FIG. 5 illustrates the amount of negative charge injected onto the floating gate for initial and final voltages V1 and V2. As shown in FIG. 5, the amount of charge injected on the floating gate can be determined by integrating under the curve from the initial voltage V1 at time t0 to the final voltage V2 at time t1.

More importantly, however, FIG. 5 illustrates that any variation in the timing will cause a greater or lesser amount of negative charge to be injected onto the floating gate. Thus, for example, if the programming is terminated at time t2 rather than time t1, a greater amount of charge will be injected.

With conventional programming, this additional (or lesser) amount of negative charge does not present any problems because the cell is only being programmed to one of two logic levels. Thus, as long as the cell is programmed to have a minimum amount of charge, any additional charge is acceptable.

However, with multi-level programming, the accumulation of additional negative charge makes it difficult to determine which logic level is represented by the charge. Thus, to insure that the charge is within a defined range, the timing must be precisely controlled. As stated above, this timing is very difficult to control.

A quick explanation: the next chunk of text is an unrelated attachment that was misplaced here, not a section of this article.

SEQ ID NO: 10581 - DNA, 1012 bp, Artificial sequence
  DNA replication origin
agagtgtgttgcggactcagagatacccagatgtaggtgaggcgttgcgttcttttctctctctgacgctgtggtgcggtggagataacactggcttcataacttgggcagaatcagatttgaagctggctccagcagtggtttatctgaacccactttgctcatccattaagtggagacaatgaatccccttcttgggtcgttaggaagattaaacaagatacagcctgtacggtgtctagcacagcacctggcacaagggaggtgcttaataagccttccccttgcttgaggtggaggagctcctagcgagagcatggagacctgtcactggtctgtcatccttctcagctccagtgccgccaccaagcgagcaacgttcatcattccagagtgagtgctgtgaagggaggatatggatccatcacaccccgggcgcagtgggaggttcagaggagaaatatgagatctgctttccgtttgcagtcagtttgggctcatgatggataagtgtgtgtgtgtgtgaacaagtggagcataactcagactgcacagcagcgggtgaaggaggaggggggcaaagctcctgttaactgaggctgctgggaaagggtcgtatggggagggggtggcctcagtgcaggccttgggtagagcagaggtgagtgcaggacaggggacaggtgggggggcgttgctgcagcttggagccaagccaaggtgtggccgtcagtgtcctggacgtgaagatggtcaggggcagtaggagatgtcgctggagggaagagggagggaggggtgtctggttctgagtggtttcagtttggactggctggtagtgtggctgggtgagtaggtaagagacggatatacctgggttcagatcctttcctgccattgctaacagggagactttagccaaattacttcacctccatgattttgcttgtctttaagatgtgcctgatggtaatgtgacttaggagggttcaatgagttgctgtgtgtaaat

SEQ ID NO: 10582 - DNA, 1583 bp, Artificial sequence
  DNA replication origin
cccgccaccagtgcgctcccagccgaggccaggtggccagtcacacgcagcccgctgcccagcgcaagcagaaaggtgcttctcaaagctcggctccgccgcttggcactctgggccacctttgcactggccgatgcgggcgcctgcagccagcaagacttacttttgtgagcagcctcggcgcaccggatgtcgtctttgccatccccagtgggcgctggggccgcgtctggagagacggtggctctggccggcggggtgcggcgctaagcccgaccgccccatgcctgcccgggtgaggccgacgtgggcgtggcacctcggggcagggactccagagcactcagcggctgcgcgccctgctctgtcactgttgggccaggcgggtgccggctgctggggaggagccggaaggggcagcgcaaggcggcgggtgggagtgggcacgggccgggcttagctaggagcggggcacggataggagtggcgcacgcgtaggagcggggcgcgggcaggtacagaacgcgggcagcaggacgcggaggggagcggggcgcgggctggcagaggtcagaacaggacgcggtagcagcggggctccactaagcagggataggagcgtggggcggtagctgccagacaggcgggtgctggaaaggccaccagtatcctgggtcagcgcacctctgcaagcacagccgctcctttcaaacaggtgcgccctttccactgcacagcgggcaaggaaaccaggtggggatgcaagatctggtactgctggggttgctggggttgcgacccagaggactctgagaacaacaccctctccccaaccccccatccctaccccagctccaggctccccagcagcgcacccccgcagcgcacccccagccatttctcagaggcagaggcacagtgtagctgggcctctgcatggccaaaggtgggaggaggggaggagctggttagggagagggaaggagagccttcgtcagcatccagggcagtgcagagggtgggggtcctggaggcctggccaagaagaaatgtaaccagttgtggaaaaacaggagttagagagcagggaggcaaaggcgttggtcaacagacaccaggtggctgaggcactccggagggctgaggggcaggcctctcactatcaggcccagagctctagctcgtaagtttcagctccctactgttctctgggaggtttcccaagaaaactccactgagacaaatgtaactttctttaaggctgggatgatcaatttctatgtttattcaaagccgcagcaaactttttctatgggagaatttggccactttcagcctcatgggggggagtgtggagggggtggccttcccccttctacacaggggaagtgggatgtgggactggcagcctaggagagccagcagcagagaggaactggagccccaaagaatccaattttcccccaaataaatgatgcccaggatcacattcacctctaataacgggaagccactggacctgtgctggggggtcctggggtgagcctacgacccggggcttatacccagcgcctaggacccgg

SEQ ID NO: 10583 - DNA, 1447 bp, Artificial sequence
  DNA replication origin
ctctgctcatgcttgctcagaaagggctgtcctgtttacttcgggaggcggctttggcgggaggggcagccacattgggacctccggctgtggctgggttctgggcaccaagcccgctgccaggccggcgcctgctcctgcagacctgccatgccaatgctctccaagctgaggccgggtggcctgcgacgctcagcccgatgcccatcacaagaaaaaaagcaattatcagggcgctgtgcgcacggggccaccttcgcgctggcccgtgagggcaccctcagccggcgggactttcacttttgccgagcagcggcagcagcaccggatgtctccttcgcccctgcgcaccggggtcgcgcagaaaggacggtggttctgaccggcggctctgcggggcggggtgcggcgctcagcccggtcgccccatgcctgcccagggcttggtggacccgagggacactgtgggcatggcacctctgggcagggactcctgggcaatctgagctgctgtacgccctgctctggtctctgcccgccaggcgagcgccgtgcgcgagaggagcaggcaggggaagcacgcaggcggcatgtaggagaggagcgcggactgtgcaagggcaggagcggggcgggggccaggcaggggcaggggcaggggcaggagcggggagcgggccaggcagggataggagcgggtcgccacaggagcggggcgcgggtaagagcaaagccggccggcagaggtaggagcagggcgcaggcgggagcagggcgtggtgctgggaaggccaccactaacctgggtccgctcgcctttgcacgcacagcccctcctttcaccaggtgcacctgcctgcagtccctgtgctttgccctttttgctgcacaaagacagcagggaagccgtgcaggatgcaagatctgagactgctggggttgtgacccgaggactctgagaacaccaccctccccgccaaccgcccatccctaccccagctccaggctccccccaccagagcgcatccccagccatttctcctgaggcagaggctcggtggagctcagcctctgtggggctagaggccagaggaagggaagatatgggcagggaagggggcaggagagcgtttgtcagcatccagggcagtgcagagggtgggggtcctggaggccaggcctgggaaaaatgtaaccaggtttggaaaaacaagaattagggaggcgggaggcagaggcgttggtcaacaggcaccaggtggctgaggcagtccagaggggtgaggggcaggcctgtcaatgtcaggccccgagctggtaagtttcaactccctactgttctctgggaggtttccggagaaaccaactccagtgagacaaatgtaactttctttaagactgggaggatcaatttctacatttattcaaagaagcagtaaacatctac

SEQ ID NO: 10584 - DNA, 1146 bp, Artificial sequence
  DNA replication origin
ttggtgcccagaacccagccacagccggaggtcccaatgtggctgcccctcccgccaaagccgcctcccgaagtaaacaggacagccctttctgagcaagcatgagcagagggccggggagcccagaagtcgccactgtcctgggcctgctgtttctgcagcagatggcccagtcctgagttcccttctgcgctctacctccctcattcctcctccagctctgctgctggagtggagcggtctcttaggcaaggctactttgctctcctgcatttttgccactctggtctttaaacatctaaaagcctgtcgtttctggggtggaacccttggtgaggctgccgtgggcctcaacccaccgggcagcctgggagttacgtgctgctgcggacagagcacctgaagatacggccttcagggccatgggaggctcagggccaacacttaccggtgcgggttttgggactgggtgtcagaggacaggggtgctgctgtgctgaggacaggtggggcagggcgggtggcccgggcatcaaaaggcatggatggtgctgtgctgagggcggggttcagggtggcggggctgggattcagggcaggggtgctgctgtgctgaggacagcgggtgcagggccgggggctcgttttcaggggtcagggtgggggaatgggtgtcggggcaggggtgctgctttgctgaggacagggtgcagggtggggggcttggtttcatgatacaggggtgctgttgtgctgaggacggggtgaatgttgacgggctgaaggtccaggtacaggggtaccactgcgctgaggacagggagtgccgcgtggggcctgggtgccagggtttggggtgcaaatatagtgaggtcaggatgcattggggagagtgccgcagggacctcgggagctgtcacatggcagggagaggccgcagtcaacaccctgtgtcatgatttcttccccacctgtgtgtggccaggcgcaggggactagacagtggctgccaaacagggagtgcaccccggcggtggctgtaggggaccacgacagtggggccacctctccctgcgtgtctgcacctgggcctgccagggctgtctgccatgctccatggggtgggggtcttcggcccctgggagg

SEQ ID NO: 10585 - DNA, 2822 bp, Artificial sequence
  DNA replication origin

The present invention achieves multiple levels of injected charge by utilizing one of a plurality of initial voltages. Since the initial voltages are defined by the voltage capacitively coupled to the floating gate from the control gate, the initial voltages are selected by selecting one of a plurality of control voltages.

For example, referring again to FIG. 4, voltage V00, V01, V10, or V11 may be selected as the initial voltage by selecting a corresponding control gate voltage. As further shown in FIG. 4, the present invention utilizes voltage V4 as the final voltage. The significance of utilizing voltage V4 as the final voltage can be seen in FIG. 6.